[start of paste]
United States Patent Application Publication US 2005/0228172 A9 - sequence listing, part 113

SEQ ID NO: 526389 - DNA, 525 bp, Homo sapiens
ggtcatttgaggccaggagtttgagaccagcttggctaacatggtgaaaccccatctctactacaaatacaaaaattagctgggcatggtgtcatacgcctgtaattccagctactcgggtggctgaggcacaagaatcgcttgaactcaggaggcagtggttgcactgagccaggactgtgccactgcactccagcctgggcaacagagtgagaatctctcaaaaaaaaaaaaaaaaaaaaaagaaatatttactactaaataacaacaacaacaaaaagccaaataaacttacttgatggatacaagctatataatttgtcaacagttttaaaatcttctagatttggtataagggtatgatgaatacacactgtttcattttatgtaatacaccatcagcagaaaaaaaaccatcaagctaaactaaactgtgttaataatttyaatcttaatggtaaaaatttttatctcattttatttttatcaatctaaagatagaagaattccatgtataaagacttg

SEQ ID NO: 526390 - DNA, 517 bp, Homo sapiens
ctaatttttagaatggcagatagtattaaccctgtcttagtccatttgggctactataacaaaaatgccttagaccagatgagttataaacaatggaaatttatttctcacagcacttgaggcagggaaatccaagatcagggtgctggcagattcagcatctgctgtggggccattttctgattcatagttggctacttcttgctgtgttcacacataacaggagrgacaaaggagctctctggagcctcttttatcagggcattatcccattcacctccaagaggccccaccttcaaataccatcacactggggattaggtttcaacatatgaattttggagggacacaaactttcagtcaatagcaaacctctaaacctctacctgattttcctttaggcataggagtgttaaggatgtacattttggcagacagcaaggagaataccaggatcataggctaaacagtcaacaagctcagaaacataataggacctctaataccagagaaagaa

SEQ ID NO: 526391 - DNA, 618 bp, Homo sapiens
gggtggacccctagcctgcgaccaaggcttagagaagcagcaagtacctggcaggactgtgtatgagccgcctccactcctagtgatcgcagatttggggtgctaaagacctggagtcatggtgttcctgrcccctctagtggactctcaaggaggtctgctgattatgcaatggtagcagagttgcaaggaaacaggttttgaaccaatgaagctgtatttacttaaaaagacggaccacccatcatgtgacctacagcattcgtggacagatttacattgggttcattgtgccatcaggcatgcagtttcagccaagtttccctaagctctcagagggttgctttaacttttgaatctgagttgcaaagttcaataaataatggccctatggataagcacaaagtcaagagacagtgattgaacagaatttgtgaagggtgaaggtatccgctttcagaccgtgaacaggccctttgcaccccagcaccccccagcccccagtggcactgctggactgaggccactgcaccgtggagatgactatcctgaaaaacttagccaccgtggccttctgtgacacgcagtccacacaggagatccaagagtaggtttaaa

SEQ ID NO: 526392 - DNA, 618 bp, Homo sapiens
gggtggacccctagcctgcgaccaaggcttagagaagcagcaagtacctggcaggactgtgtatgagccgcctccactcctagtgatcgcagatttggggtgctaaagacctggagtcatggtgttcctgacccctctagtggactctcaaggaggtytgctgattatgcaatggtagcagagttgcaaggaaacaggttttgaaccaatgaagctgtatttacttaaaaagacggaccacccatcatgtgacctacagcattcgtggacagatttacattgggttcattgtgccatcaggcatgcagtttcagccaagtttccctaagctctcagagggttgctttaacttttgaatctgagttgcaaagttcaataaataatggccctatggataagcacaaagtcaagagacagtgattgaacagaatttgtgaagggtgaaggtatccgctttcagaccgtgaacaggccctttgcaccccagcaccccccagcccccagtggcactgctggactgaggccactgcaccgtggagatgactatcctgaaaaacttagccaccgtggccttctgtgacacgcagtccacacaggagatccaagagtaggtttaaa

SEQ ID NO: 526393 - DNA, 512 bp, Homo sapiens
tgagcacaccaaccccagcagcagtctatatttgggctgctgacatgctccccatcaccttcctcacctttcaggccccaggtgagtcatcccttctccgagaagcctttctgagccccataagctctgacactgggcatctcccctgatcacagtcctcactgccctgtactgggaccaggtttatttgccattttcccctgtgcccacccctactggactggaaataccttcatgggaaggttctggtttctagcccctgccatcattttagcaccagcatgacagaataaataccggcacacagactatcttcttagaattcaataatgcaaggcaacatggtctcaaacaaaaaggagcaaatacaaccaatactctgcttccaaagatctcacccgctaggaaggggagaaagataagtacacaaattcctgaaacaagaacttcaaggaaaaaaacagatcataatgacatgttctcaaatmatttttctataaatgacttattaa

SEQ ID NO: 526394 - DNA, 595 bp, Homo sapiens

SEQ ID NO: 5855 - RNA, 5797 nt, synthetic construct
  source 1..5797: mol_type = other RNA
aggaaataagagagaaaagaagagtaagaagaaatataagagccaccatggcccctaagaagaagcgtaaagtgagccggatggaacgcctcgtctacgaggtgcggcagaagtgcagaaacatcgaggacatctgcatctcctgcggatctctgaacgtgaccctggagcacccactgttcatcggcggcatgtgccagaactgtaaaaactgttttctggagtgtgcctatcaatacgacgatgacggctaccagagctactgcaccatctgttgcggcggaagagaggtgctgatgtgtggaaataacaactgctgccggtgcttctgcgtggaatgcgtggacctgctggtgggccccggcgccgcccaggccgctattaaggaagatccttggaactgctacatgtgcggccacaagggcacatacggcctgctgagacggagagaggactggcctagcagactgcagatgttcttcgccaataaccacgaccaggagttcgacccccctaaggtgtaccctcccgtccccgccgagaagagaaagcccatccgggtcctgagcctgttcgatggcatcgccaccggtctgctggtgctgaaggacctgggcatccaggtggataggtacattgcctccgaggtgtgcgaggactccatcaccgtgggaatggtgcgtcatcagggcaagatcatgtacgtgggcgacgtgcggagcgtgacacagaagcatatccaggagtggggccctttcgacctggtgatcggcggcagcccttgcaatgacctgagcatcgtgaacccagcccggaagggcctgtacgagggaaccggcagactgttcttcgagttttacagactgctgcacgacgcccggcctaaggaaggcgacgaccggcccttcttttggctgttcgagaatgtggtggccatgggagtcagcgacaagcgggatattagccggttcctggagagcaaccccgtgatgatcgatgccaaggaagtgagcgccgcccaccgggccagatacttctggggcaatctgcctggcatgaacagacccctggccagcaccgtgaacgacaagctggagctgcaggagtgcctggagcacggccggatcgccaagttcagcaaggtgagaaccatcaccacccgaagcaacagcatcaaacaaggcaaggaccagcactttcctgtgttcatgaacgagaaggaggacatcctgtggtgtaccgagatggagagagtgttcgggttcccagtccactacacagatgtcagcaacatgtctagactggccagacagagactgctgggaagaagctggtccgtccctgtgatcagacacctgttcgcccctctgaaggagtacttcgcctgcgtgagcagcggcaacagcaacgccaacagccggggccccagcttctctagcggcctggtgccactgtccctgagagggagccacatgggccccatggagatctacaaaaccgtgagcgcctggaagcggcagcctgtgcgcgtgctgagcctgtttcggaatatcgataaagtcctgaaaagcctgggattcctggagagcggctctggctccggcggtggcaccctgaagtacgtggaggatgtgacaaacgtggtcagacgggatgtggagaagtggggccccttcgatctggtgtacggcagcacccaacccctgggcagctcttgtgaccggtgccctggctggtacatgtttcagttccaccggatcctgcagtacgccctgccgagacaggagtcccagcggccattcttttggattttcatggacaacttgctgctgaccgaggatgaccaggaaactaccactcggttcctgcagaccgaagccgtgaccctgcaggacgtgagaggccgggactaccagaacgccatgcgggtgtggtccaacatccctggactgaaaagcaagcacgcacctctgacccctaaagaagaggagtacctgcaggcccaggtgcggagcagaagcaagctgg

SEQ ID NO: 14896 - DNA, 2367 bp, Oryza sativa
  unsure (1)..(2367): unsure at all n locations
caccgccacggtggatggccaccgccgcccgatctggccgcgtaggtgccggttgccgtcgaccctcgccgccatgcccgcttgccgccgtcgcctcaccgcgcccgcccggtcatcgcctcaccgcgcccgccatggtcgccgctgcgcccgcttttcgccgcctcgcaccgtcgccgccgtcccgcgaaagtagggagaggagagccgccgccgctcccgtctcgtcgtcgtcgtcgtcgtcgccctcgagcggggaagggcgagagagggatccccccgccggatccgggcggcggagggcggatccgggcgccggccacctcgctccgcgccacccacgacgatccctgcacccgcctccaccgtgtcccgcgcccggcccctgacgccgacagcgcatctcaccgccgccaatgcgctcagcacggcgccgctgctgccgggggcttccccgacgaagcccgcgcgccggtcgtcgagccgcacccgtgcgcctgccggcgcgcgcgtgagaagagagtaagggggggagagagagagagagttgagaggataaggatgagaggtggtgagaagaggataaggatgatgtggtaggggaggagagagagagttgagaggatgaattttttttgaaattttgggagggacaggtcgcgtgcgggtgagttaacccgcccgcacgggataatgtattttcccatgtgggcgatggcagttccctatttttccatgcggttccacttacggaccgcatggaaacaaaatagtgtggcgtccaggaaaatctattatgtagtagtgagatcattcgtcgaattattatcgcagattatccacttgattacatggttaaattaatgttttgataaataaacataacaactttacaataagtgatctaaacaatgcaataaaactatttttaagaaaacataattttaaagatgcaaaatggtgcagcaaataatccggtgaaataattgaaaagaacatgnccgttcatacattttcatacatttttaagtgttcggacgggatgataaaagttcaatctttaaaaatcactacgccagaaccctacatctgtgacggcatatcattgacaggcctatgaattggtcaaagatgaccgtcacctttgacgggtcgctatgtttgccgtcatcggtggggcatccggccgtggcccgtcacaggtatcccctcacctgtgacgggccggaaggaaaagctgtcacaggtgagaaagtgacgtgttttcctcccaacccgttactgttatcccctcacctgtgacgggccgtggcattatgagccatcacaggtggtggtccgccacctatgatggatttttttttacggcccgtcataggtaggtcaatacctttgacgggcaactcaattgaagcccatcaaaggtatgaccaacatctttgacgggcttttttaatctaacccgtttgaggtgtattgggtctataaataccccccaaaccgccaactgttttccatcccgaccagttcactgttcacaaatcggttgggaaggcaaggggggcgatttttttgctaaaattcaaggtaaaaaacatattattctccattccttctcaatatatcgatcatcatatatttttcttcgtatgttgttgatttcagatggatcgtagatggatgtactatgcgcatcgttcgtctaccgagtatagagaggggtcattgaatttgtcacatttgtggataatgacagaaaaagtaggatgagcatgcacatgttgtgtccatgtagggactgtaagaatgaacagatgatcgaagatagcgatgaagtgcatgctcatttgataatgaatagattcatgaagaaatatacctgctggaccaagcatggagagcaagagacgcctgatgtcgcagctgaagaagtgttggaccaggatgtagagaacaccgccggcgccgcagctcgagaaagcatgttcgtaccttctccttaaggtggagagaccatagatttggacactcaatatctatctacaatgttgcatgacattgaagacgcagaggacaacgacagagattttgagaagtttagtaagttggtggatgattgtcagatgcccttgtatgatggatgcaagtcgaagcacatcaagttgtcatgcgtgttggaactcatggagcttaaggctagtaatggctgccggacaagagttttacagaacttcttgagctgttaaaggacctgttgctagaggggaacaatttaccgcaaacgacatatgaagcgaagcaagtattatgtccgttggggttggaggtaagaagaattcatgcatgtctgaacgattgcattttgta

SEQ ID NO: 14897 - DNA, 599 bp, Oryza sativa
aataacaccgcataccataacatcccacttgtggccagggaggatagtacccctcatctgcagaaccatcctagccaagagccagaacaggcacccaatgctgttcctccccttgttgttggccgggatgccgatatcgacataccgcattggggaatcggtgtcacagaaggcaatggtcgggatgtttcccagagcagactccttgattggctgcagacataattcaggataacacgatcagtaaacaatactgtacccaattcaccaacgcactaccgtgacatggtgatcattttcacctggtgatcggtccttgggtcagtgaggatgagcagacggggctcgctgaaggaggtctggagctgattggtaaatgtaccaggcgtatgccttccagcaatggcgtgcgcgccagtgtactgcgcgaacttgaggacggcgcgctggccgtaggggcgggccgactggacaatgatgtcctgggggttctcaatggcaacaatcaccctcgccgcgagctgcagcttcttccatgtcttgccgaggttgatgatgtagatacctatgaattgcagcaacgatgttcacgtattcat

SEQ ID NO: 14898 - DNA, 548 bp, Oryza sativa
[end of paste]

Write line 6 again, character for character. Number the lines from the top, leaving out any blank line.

SEQ ID NO: 526391 - DNA, 618 bp, Homo sapiens